Scott Tucker convicted of running illegal payday loan business


Scott Tucker (above), a professional racing car driver and payday lender, and his lawyer Tim Muir were convicted on Friday in New York on 14 felony charges relating to their illegal payday <a class=loan operation.” title=”Scott Tucker (above), a professional racing car driver and payday lender, and his lawyer Tim Muir were convicted on Friday in New York on 14 felony charges relating to their illegal payday loan operation.” loading=”lazy”/>

Scott Tucker (above), a professional racing car driver and payday lender, and his lawyer Tim Muir were convicted on Friday in New York on 14 felony charges relating to their illegal payday loan operation.

Photo file

Leawood businessman Scott Tucker was convicted on Friday of 14 criminal charges against him in connection with a $ 2 billion payday loan business that authorities said operated 4.5 million dollars. consumers with predatory interest rates and deceptive loan terms.

Timothy Muir, an Overland Park lawyer who had been legal counsel to Tucker’s payday loan companies, was also convicted.

The two men stood on trial for about a month in Manhattan, New York, where they were indicted in 2016. The case went to the jury after oral argument Thursday and a unanimous verdict on all counts, including the racketeering charges, was handed down on Friday evening.

Tucker and Muir both face lengthy prison terms when sentenced by U.S. District Court Judge Kevin Castel on January 5. Castel ordered the two men to stay at home with electronic surveillance until their conviction.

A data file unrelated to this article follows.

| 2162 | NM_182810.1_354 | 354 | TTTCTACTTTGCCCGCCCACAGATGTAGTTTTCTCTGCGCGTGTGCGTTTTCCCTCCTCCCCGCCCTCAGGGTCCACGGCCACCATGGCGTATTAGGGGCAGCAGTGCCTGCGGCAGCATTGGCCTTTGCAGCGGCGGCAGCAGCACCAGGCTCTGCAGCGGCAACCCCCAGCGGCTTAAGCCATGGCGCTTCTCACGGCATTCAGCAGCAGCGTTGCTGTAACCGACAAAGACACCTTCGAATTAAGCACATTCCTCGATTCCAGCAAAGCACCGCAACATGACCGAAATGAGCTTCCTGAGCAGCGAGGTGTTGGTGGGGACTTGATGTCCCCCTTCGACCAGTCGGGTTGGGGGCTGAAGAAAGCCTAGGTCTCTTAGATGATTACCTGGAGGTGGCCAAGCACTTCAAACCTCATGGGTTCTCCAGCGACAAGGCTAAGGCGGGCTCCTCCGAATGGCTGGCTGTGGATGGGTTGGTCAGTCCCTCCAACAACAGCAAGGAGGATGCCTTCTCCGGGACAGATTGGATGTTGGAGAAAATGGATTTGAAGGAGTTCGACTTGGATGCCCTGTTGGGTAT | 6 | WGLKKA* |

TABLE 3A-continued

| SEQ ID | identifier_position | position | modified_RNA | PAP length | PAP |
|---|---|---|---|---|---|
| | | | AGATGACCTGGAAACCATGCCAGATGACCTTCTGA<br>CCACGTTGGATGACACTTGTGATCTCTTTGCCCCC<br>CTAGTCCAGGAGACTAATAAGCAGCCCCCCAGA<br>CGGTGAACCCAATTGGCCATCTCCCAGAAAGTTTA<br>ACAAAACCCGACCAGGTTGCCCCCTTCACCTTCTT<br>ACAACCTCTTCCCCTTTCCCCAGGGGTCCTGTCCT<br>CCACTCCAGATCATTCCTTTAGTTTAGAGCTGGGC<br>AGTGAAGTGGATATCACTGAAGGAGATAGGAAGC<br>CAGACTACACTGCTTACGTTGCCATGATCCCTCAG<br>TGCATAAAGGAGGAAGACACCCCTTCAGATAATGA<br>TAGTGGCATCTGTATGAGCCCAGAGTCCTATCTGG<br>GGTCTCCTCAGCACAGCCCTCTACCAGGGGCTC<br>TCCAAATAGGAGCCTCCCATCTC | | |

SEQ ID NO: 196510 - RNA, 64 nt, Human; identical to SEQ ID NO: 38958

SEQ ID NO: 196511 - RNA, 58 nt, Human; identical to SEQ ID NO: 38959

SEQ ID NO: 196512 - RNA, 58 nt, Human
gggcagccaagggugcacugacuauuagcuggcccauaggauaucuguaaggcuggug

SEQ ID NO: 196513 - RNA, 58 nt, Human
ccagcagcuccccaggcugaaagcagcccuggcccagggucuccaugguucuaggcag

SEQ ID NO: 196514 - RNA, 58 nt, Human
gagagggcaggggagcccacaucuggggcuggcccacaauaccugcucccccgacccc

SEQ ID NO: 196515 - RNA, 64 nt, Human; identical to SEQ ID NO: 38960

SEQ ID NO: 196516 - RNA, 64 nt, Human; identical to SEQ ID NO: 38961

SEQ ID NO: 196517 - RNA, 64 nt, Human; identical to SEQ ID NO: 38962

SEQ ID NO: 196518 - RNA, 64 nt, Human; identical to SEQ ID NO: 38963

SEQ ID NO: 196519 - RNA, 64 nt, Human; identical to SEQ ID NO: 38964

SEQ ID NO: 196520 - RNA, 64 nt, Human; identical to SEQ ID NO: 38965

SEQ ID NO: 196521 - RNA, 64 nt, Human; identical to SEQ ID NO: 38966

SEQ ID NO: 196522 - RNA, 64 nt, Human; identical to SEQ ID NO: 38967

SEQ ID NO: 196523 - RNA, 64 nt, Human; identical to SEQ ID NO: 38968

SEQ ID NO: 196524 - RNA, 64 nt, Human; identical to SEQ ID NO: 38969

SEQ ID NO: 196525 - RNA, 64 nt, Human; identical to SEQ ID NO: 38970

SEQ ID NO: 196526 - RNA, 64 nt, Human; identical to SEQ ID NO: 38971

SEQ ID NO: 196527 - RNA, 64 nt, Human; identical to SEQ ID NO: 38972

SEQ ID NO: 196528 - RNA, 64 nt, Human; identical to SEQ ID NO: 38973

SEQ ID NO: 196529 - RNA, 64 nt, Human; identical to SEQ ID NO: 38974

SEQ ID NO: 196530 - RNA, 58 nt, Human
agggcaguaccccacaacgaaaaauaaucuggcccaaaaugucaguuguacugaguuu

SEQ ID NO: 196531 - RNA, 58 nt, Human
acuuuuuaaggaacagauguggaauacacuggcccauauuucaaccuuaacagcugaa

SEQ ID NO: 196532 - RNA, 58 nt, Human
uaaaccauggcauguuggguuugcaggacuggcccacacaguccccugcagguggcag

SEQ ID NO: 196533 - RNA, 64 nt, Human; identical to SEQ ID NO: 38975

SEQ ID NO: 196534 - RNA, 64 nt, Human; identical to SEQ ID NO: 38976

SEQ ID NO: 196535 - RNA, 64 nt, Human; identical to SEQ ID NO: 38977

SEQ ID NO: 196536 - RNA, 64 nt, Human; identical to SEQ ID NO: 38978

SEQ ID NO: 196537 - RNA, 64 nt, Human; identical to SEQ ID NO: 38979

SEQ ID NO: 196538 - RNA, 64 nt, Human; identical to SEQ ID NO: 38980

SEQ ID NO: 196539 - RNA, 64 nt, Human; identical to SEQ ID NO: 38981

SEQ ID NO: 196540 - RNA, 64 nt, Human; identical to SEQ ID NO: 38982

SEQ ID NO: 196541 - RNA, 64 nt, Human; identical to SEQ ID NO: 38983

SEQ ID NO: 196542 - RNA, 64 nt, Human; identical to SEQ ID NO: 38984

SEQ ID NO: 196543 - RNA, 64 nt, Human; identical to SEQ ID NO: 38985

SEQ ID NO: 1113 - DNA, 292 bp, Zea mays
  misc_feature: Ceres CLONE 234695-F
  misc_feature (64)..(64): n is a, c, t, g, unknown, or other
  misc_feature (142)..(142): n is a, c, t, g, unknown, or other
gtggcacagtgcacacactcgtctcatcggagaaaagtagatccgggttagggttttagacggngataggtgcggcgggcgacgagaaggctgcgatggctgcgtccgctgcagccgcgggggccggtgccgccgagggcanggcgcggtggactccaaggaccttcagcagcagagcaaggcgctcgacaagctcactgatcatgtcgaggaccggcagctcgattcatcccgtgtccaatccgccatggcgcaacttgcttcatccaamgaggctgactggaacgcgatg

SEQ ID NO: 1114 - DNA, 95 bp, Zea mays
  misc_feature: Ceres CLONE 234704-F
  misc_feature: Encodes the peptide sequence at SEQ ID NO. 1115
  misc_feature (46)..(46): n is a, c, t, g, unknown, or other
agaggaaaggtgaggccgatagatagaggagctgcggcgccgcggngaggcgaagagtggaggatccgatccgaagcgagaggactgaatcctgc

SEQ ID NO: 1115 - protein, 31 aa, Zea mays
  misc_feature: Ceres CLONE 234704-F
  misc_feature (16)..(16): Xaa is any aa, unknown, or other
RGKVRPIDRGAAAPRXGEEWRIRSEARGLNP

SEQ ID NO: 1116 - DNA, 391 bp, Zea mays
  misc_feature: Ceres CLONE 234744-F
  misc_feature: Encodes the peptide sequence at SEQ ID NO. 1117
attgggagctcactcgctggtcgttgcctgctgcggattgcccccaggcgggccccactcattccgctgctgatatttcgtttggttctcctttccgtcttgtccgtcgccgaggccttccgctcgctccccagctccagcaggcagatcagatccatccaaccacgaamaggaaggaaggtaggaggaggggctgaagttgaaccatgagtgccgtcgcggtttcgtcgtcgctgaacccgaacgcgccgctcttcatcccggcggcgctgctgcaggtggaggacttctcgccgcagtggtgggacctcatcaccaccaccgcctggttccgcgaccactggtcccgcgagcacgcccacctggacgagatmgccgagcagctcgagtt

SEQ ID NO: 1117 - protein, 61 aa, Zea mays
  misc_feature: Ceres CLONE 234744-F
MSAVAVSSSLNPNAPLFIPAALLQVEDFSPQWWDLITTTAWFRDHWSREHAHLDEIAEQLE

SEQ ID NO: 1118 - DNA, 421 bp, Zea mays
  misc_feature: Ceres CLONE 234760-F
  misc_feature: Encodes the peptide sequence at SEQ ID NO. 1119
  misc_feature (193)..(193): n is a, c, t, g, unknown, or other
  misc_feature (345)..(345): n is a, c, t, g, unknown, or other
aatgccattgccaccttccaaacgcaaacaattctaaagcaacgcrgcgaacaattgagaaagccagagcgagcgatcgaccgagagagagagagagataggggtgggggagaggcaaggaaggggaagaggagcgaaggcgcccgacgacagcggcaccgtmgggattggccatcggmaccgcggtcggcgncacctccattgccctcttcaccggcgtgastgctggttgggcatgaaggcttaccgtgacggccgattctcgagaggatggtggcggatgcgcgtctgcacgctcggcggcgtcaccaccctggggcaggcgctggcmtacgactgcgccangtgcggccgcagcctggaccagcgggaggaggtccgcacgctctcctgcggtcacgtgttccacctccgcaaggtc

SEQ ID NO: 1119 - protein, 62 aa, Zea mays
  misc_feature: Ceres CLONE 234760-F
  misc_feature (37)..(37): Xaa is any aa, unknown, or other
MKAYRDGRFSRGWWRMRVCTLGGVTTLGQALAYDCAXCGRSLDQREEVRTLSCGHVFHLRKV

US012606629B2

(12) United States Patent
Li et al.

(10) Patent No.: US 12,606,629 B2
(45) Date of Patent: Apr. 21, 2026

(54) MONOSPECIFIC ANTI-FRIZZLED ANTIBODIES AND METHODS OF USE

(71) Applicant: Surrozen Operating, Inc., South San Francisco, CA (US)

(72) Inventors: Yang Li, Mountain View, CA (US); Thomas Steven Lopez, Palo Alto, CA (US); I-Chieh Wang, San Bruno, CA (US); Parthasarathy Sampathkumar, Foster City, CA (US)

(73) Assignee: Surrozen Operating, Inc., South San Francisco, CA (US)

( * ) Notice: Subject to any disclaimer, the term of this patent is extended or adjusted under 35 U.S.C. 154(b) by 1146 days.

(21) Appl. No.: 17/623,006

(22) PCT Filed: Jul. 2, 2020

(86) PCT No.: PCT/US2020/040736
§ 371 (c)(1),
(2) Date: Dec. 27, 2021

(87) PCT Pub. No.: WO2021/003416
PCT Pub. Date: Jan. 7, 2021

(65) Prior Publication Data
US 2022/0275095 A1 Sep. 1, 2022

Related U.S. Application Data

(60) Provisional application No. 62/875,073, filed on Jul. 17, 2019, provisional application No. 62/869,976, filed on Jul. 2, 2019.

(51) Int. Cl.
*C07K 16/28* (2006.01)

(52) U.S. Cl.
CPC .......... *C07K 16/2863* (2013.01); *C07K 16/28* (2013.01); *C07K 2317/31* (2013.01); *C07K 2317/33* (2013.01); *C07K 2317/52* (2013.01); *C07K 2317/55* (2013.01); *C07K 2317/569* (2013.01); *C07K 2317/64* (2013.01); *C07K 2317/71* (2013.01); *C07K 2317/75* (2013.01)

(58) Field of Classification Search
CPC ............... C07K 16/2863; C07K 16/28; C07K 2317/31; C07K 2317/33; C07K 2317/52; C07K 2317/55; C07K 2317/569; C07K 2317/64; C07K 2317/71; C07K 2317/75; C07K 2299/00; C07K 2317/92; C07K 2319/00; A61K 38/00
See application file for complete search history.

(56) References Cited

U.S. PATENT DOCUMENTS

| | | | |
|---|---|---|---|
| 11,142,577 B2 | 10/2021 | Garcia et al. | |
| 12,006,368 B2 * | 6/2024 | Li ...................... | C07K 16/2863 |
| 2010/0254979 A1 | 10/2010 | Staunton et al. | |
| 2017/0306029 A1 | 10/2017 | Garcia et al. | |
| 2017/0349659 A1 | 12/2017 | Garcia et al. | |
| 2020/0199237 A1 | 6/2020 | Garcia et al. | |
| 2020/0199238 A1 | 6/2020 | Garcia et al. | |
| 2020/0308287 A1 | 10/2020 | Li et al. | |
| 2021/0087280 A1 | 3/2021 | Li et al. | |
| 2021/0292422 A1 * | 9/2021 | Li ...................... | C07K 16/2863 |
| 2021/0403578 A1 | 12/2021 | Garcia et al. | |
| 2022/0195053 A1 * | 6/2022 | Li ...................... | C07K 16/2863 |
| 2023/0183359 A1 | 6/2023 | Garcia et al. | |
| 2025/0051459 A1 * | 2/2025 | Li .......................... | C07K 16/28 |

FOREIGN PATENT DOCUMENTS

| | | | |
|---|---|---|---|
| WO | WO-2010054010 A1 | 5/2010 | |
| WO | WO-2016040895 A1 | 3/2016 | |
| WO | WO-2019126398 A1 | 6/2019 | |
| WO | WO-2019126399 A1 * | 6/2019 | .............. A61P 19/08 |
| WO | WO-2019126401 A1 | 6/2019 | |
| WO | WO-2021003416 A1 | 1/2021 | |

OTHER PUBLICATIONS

Joon Kim, the acting US attorney for the Southern District of New York, said Tucker and Muir had targeted “struggling ordinary Americans” with illegal loans that carried interest rates up to 700%.

Such interest rates are illegal in states that regulate payday lending, but Tucker and Muir have been accused of setting up their operations nominally on Native American tribal lands in Nebraska and Oklahoma in an attempt to circumvent them. interest rate limits. Native American tribes are generally unaffected by state regulations, and there are no federal usury laws on payday loan interest rates.

“Tucker and Muir sought to escape their crimes by claiming that this $ 2 billion business was in fact owned and operated by Native American tribes,” Kim said in a written statement. “But that was a lie. The jury pierced Tucker and Muir’s lies and saw their business for what it was: an illegal, predatory scheme to unduly profit from vulnerable workers living on paychecks to paychecks. the other.

Their online payday loan businesses operated under brands such as Ameriloan, Cash Advance, One Click Cash, United Cash Loans, and 500 FastCash. In addition to the high interest rates, authorities said consumers were fooled by loan terms through renewals and fees. Prosecutors said a loan of $ 500 could result in debt of $ 1,925 for a borrower.

James Roth, a New York attorney who represented Tucker, suggested his client could appeal.

“This was a new lawsuit and the trial record provides fertile ground for a successful appeal,” Roth said in an email to The Star.

Muir said he was disappointed with the jury’s verdict, but added he had to respect the jury’s verdict.

“Right now all I can think of is my wife and daughters and trying to figure out how to tell them about the verdict and what it means for their future,” Muir said in an email to Star. “It’s too early for me to think about a call. My only concern at the moment is the impact of this on my family. “

Tucker and Muir had claimed that the payday loan businesses were legitimate and that their Native American tribal partners were, in fact, the owners of the businesses. They also said that the outside lawyers they hired determined that their payday operation was legally sound and that they were running their business in good faith, based on that advice.

Federal prosecutors, however, had evidence that showed Native American tribes had little to do with the payday lending industry, and that it was largely run from an office tower in Overland Park that employed to at one time more than 600 workers.